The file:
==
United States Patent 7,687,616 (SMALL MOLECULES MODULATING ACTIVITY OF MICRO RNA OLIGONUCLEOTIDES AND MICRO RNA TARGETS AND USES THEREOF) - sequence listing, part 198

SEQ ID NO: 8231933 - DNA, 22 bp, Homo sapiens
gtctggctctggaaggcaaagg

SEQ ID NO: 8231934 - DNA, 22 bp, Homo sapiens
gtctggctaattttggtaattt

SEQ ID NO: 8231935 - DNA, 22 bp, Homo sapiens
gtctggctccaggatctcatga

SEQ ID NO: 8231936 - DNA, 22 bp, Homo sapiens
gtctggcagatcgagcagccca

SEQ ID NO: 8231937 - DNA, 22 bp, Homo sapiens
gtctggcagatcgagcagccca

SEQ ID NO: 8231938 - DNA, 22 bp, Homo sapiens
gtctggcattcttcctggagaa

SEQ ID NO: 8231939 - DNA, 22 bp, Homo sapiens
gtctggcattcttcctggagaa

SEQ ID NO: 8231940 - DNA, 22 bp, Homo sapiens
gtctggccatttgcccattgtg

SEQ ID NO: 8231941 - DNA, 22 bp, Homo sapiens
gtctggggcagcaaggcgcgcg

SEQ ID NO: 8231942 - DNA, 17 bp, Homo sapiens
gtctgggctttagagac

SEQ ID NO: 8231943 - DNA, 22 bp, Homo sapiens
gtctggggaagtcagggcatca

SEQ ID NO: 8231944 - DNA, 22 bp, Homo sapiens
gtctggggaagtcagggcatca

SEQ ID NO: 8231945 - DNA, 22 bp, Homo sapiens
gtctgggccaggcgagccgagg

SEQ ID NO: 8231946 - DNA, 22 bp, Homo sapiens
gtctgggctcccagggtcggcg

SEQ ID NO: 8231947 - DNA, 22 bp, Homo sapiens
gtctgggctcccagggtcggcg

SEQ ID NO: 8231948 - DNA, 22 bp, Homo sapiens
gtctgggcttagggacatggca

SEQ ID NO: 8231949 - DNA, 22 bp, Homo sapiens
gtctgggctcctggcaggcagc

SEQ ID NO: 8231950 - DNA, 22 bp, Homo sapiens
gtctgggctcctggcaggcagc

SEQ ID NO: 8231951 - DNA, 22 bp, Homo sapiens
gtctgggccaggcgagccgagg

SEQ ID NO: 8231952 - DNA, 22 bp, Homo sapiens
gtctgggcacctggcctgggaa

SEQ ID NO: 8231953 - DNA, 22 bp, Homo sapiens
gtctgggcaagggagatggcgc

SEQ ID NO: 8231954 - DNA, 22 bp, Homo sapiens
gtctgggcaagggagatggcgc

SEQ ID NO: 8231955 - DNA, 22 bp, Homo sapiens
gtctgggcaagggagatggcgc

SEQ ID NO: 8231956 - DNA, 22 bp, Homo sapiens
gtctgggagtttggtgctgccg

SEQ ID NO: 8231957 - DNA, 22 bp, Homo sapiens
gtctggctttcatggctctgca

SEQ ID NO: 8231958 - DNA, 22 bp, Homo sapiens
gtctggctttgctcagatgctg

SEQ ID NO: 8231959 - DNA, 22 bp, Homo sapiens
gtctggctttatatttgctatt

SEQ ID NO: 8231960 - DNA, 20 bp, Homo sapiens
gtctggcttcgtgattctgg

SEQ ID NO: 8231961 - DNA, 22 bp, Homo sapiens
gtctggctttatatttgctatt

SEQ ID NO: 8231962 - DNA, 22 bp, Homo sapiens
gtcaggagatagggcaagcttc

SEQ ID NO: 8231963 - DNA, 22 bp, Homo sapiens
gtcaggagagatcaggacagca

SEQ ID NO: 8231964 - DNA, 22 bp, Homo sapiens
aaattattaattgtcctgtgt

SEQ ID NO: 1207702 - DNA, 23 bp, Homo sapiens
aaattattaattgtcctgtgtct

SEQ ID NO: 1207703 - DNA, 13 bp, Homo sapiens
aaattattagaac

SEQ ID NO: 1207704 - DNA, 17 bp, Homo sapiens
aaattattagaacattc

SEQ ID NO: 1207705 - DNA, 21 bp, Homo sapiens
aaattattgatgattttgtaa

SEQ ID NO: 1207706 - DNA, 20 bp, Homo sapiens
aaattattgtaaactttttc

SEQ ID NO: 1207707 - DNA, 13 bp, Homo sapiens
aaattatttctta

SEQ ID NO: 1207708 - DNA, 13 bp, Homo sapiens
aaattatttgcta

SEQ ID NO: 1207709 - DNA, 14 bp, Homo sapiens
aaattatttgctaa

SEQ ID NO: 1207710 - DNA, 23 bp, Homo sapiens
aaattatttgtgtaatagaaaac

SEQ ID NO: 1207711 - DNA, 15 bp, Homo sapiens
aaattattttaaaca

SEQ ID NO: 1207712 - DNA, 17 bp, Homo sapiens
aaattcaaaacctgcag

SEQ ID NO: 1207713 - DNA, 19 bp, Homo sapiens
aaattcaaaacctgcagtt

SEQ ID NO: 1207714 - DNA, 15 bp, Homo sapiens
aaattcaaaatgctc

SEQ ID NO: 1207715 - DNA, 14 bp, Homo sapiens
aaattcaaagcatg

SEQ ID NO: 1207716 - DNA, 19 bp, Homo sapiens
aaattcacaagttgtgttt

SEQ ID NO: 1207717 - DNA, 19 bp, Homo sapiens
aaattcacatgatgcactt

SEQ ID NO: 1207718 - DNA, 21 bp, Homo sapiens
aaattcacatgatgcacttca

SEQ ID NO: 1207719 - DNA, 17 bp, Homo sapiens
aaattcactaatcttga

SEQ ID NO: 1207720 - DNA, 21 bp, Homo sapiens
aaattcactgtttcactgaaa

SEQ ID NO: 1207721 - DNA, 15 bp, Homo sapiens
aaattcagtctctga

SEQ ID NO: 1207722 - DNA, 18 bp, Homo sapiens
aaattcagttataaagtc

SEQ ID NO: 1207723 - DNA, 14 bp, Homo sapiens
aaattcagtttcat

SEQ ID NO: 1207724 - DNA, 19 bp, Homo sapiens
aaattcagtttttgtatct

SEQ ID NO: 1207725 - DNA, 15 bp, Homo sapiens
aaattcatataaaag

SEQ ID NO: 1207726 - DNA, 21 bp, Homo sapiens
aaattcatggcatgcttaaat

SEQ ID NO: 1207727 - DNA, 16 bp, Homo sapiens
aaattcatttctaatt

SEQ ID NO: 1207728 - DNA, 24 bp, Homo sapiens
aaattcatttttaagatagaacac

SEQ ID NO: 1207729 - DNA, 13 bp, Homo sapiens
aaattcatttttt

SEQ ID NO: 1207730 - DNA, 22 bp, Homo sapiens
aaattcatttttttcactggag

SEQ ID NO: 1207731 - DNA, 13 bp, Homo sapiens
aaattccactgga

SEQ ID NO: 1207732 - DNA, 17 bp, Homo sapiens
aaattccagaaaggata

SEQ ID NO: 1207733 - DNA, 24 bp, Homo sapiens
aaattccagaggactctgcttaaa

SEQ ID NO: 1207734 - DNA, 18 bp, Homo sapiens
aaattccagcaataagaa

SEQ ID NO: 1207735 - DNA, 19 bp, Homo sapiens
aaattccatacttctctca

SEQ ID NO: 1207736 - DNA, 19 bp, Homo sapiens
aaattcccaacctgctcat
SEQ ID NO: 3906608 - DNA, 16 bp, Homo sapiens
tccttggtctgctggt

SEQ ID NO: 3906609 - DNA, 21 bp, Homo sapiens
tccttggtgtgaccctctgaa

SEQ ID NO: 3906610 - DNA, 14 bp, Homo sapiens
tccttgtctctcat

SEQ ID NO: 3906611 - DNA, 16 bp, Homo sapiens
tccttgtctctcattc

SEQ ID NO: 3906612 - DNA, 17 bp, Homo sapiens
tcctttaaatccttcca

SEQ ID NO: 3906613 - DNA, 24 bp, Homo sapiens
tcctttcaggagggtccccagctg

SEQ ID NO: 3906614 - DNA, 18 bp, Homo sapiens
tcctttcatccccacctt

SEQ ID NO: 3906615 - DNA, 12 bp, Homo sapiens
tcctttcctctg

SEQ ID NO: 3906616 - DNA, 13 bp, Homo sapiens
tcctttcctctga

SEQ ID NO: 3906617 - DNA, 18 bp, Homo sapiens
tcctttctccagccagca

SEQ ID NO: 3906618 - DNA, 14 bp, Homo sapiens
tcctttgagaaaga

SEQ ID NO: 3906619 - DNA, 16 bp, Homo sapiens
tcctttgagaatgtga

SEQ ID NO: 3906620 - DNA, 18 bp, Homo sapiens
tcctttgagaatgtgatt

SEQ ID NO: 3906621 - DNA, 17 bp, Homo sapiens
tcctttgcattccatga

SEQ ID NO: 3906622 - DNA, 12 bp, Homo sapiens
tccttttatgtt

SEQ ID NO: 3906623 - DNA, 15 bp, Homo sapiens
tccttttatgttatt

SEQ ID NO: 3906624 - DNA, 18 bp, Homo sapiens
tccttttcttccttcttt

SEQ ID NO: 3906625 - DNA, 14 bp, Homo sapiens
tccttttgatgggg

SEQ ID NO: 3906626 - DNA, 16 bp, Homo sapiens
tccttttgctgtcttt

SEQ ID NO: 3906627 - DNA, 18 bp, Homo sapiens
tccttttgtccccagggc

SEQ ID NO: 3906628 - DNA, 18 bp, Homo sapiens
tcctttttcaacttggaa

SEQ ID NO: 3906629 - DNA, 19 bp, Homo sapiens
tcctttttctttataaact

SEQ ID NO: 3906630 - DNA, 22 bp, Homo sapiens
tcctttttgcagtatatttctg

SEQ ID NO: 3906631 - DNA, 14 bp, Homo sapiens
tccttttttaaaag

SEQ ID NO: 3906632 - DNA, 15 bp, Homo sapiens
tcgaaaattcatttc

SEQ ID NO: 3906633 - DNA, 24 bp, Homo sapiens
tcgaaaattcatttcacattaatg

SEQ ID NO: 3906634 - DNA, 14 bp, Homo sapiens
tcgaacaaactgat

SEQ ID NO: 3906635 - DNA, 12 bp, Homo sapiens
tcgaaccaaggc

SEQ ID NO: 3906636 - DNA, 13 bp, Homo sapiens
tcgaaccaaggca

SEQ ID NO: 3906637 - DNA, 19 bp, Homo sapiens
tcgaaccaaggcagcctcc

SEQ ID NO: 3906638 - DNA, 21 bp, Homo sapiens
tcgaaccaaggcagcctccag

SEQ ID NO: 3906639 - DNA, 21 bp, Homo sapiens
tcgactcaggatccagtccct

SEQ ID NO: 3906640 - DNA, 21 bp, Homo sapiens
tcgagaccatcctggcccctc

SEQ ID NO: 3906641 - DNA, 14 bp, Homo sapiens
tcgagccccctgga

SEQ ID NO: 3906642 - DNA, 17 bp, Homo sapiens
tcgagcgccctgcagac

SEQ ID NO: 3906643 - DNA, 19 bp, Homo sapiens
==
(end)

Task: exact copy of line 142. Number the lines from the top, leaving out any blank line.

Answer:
SEQ ID NO: 3906611 - DNA, 16 bp, Homo sapiens